Searching for Christopher

Pick your cliche—a “shot in the dark” or a “needle in a haystack.” I have no false hope here. I don’t expect this post will result in useful information about a missing Central New York teenager. But I saw this flyer posted on a corkboard inside Marshall Square Mall in Syracuse, and the child’s smiling face and wavy hair evoked pity in the form of a gut punch.

Missing teenager Christopher Pierce.

The paper displayed photos and biographical data for 14-year-old Christopher Pierce of Theresa, New York, in Jefferson County. He stands about five feet nine inches tall and weighs about 160 pounds. He was last seen on Nov. 1 at 550 Harrison Street—a medical complex near Interstate 81 in Syracuse.

I can’t imagine the horror his parents are enduring, replaying their worst fears as more time passes and he fails to appear.

If anyone has information, they can call the Syracuse Police Missing Person Unit at 315-442-5233.

I also couldn’t help wondering what type of kid Christopher is. Who is his favorite musical artist? Does he play sports? Does he ride dirt bikes or go snowmobiling in the Tug Hill plateau? Does he have siblings? What are his favorite pizza toppings? All the mundane little details that add up to a life. And in a case like this, good thoughts and prayers prove futile. They can’t bring the kid home to his parents. But a few aimless prayers also won’t cause any damage.

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Four Years Old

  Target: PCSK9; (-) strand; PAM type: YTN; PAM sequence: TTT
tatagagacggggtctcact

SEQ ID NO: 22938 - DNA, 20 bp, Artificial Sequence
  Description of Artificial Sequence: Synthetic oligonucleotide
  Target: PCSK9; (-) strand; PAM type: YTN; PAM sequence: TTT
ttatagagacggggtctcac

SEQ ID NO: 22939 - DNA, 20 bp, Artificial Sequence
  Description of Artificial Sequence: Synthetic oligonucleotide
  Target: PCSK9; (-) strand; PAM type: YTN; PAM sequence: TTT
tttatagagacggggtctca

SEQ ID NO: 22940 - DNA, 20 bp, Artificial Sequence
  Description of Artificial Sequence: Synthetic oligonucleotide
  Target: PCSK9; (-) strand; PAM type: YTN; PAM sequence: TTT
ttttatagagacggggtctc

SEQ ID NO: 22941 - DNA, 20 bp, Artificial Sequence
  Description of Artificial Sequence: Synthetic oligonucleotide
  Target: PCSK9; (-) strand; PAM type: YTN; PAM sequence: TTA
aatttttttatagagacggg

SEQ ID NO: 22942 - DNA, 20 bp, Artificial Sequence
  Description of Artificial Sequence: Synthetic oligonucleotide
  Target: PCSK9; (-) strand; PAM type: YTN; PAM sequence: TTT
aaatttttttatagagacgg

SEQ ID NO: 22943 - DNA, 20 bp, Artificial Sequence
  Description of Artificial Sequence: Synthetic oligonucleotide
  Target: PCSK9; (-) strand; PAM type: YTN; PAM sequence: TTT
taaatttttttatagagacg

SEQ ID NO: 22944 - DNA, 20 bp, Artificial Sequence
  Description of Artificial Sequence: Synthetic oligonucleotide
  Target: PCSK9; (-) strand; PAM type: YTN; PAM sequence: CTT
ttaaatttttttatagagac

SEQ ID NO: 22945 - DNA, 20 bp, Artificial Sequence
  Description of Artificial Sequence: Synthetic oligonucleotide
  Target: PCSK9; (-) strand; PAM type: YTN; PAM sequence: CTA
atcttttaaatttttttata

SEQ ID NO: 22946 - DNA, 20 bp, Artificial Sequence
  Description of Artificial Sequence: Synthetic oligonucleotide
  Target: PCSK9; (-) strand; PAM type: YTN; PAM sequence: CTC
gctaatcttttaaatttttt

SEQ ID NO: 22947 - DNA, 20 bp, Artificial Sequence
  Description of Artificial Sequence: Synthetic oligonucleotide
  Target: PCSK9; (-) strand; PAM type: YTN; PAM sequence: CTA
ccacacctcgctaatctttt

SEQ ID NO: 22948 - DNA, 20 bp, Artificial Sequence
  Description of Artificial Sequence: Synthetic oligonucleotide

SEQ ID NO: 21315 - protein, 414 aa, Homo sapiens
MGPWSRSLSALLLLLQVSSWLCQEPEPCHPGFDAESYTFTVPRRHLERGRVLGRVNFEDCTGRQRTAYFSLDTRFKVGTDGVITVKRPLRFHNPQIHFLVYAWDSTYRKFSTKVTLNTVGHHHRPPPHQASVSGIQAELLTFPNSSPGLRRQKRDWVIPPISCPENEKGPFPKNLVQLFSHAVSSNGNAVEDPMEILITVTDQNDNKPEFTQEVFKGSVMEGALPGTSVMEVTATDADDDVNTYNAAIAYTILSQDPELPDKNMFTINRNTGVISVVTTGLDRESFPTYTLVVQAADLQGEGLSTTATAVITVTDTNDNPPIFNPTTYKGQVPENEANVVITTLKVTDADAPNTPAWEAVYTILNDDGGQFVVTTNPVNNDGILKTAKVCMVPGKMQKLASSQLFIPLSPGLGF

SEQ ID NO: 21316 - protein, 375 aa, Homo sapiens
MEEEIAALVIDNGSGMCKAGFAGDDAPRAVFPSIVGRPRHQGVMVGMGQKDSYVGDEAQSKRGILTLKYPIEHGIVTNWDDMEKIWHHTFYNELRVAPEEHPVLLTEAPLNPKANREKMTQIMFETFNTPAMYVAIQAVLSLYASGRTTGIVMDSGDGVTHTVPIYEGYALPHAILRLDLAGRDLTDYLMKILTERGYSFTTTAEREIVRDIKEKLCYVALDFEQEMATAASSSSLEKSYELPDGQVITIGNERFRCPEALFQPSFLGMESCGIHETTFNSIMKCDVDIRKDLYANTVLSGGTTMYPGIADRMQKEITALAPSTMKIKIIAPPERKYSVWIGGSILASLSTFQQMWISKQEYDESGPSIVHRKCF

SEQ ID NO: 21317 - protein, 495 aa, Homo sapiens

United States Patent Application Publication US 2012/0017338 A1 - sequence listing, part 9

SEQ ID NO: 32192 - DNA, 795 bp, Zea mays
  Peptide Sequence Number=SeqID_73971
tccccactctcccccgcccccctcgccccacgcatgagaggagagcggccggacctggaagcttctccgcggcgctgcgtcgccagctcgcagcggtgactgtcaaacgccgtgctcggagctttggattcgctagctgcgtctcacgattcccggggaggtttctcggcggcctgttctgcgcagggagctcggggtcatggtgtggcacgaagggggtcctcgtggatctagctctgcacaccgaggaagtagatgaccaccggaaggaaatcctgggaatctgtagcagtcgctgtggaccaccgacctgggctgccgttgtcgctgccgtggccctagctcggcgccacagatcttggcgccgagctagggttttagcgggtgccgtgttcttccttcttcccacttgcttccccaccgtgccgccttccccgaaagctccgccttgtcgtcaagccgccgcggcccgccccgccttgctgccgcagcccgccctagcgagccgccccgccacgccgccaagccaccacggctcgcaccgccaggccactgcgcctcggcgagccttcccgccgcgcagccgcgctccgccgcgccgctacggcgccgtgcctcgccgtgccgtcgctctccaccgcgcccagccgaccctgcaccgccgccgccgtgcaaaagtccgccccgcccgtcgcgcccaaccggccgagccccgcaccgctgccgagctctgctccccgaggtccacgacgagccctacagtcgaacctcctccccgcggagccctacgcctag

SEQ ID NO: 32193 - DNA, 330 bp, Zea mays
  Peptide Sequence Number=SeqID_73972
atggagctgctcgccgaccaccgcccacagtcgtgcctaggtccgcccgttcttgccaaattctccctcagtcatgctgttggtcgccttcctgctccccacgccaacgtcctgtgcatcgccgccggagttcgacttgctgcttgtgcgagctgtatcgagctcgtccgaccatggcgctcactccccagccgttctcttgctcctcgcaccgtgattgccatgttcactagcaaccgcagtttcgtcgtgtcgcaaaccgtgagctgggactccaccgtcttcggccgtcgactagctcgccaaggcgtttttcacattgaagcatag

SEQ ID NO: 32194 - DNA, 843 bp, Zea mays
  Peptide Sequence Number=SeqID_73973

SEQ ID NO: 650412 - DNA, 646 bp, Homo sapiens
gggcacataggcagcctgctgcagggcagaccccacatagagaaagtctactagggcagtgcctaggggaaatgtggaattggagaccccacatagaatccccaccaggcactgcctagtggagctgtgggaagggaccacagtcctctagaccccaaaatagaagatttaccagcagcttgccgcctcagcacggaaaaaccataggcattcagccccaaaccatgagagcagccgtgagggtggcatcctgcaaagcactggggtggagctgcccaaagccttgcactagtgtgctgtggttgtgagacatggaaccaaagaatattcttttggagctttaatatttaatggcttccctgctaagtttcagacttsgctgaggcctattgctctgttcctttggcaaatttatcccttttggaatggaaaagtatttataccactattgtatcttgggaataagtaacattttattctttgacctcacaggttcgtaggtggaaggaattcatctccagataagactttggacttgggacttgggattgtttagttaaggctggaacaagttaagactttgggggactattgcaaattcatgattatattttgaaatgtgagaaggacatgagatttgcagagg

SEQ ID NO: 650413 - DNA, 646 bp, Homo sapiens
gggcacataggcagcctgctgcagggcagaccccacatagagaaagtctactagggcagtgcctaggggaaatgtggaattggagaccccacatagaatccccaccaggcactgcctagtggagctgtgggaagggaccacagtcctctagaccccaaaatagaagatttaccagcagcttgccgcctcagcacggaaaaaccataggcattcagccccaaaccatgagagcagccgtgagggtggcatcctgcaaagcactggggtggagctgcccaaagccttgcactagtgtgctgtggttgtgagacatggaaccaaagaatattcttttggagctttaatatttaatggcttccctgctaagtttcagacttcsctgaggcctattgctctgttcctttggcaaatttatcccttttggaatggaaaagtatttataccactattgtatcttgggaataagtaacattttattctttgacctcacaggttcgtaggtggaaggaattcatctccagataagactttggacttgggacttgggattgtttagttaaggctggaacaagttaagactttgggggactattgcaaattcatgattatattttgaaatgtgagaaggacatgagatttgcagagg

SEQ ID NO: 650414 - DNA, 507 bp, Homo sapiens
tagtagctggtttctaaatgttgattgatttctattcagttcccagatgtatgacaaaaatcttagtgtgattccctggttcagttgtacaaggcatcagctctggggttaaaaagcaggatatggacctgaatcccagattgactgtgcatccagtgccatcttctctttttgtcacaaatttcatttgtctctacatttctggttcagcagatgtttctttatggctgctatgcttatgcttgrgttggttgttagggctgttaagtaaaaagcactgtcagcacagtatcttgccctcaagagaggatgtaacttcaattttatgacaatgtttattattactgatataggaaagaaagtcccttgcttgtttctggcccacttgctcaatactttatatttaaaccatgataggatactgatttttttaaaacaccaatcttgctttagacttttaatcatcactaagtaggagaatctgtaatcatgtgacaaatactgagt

Our son, Colin Joseph, celebrates his fourth birthday today. And being a late bloomer in all aspects of life, I never expected to carry the title of husband and father. Yet here I am, nearly 51, a family man who has shed his bachelor status. And being the father of an autistic child has taught me the importance of striving and attempting—because that’s all you can do is try—to practice patience, humility, gratitude and acceptance. Acceptance is the key.

Colin Joseph sleeping.

I know this evening when we celebrate Colin’s birthday, he will likely not blow out the candles or eat a slice of his birthday cake. He may not pick up or play with his new Woody and Buzz Lightyear toys. He may preoccupy himself with the string of the balloon my wife bought him. And that could go on for hours.

We work hard to help Colin improve his communication and social interaction skills. But progress is slow, and we don’t know if he will get better with time. So I have to remind myself to love the child we have, exactly as he is right now, knowing he may never become a “normal” boy. It’s a crude reference, but the situation calls to mind the Stephen Stills’ song, “Love The One You’re With.”

“Well there’s a rose in a fisted glove
And the eagle flies with the dove
And if you can’t be with the one you love, honey
Love the one you’re with …”

For now, I am grateful for the blessing of the little angel/mischievous rascal who turns four years old today.

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